Cardiac Arrest

What is a cardiac arrest?

A cardiac arrest means a person’s heart has stopped. When a cardiac arrest occurs the brain and other vital organs are unable to receive any oxygen.

If someone has had a cardiac arrest they will be unconscious and will have ineffective or no breathing at all. 

A cardiac arrest is a medical emergency and without quick and effective first aid they will not survive. This is why knowing first aid is so important, it very literally can save lives.

How common are cardiac arrests?

Let us start by saying cardiac arrests are less common in children than in adults, however tragically they do happen.

In Australia there are around 25,000 out of hospital cardiac arrests each year. Unfortunately less than 10% of cases make it out of hospital alive. However by educating as many Aussies in first aid as possible, we can significantly increase these numbers!

Is a cardiac arrest the same as a heart attack?

Although people often use these terms interchangeably, they are actually different things.

A cardiac arrest means the heart has stopped beating entirely, whereas a heart attack is more of a plumbing issue. 

During a heart attack one or more of the arteries in the heart become narrowed or blocked reducing the flow of blood and oxygen to heart tissue. During a heart attack the person will often be conscious and alert but may have chest jaw or left arm pain, shortness of breath, dizziness or nausea.

A heart attack can sometimes be the cause of a cardiac arrest in adults. However the most common cause of cardiac arrest in children is due to a lack of oxygen and loss of blood and other fluids.

How can I improve someone’s chances of surviving a cardiac arrest?

Make sure to do a first aid and CPR refresher regularly. Providing CPR immediately to someone who has had a cardiac arrest can double and sometimes triple their chance of survival. As paramedics we have seen countless lives saved by people who knew how to deliver CPR. You simply can’t afford not to know CPR.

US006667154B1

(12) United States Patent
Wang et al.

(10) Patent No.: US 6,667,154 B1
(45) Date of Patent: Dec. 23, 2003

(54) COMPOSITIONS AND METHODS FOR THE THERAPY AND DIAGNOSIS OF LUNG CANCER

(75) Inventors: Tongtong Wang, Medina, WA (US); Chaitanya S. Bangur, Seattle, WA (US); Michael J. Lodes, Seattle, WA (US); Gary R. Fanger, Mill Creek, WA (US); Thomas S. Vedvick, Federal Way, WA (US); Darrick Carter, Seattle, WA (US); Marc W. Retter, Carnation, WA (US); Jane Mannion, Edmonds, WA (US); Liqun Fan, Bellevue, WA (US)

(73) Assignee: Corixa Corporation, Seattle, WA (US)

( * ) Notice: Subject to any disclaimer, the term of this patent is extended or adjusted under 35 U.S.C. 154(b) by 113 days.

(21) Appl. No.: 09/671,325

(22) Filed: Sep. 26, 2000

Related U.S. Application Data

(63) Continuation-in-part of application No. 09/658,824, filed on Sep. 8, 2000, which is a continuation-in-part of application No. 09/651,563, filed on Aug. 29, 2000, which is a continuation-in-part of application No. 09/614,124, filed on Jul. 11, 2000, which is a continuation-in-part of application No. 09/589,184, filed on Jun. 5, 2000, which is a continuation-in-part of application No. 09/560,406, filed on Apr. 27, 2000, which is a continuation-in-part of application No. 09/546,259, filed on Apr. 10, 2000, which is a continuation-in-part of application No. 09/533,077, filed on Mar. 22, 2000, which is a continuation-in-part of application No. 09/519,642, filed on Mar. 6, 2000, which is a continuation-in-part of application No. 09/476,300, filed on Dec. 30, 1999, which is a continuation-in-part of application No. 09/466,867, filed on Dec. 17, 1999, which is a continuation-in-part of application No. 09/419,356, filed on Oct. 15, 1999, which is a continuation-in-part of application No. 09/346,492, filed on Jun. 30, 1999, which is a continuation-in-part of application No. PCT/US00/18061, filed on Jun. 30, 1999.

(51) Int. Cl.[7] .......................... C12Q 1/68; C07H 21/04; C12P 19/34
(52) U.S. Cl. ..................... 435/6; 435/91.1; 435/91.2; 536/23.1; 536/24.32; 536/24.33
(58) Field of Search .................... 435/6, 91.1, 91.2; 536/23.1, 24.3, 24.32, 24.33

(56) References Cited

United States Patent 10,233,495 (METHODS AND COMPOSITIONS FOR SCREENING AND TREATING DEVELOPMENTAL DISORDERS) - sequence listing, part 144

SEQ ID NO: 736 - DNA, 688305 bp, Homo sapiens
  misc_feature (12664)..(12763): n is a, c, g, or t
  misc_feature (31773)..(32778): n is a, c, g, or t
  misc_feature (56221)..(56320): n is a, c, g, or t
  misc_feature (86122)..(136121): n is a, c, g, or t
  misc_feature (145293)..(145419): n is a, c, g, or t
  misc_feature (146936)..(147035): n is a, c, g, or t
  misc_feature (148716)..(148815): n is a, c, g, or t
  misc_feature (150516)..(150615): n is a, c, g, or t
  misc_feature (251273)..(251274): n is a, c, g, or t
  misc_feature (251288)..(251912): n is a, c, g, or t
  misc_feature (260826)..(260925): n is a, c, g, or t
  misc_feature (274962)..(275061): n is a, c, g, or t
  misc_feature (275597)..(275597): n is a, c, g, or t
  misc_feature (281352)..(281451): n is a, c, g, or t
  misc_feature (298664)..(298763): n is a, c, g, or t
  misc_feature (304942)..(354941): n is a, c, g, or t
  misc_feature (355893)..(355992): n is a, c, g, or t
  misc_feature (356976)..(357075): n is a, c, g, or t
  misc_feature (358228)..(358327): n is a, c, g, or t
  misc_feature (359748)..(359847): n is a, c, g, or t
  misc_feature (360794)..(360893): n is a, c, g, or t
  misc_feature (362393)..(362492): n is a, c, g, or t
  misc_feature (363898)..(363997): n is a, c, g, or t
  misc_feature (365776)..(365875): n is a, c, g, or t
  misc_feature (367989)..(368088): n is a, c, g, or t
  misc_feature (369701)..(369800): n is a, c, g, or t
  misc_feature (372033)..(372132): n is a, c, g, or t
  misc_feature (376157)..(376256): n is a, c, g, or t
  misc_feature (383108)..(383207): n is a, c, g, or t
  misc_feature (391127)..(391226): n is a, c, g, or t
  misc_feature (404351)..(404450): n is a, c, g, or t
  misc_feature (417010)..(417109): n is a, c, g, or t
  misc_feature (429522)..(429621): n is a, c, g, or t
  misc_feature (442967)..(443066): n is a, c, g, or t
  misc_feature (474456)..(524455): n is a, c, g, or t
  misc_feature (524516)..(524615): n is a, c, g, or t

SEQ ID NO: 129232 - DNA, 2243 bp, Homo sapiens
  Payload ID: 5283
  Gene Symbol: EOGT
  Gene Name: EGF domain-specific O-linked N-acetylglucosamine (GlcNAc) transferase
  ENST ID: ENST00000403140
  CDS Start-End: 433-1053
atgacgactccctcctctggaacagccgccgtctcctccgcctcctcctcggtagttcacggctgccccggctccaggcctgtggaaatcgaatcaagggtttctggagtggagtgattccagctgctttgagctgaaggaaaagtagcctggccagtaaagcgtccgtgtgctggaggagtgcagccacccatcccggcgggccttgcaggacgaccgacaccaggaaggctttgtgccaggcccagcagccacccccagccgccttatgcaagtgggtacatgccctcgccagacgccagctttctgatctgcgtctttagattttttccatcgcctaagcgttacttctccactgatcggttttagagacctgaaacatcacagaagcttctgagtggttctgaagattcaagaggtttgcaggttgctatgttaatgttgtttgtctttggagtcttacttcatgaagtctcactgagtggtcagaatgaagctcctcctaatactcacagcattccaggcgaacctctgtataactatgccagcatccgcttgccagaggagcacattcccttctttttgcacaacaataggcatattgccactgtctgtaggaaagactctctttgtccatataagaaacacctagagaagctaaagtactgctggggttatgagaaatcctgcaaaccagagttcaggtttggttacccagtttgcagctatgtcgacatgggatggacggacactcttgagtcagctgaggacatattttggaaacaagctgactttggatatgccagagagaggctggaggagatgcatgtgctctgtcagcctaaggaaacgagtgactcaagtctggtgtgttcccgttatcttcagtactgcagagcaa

What about the chain of survival?

Great point!

The chain of survival is a series of steps that need to be taken in a cardiac arrest to improve the person’s chance of survival and involves:

Early access- Call 000 for an ambulance as soon as you suspect someone has had a cardiac arrest. Familiarise yourself with your emergency phone shortcuts and place your phone nearby on loudspeaker to free up your hands. Even if you are untrained the call taker will help guide you through providing CPR, remember any attempt is better than no attempt.

Early CPR- Start CPR as soon as possible! For every minute you delay CPR and defibrillation the person’s chance of survival decreases by around 10%. This means at the 10 minute mark, if there has been no CPR and/or defibrillation delivered that person will have very little chance of survival.

Early defibrillation- If you have access to a defibrillator put it on immediately and follow the prompts. Even if you do not know how to use a defibrillator you should still put it on, the defibrillator will talk to you and tell you exactly what to do. If the defibrillator is far away do not sacrifice CPR to go and get it. If you have multiple people available to help you could send someone to get the defibrillator and then put it on as soon as practical.

Early advanced life support- Paramedics can provide advanced medical care as soon as they arrive on scene, this can include medications, breathing support and other measures.

Do you know CPR? we would love to teach you. As previously mentioned CPR provided immediately to someone in a cardiac arrest can double or triple their chance of survival. You simply cant afford not to know it!

Head to our course page today to book a course with us.

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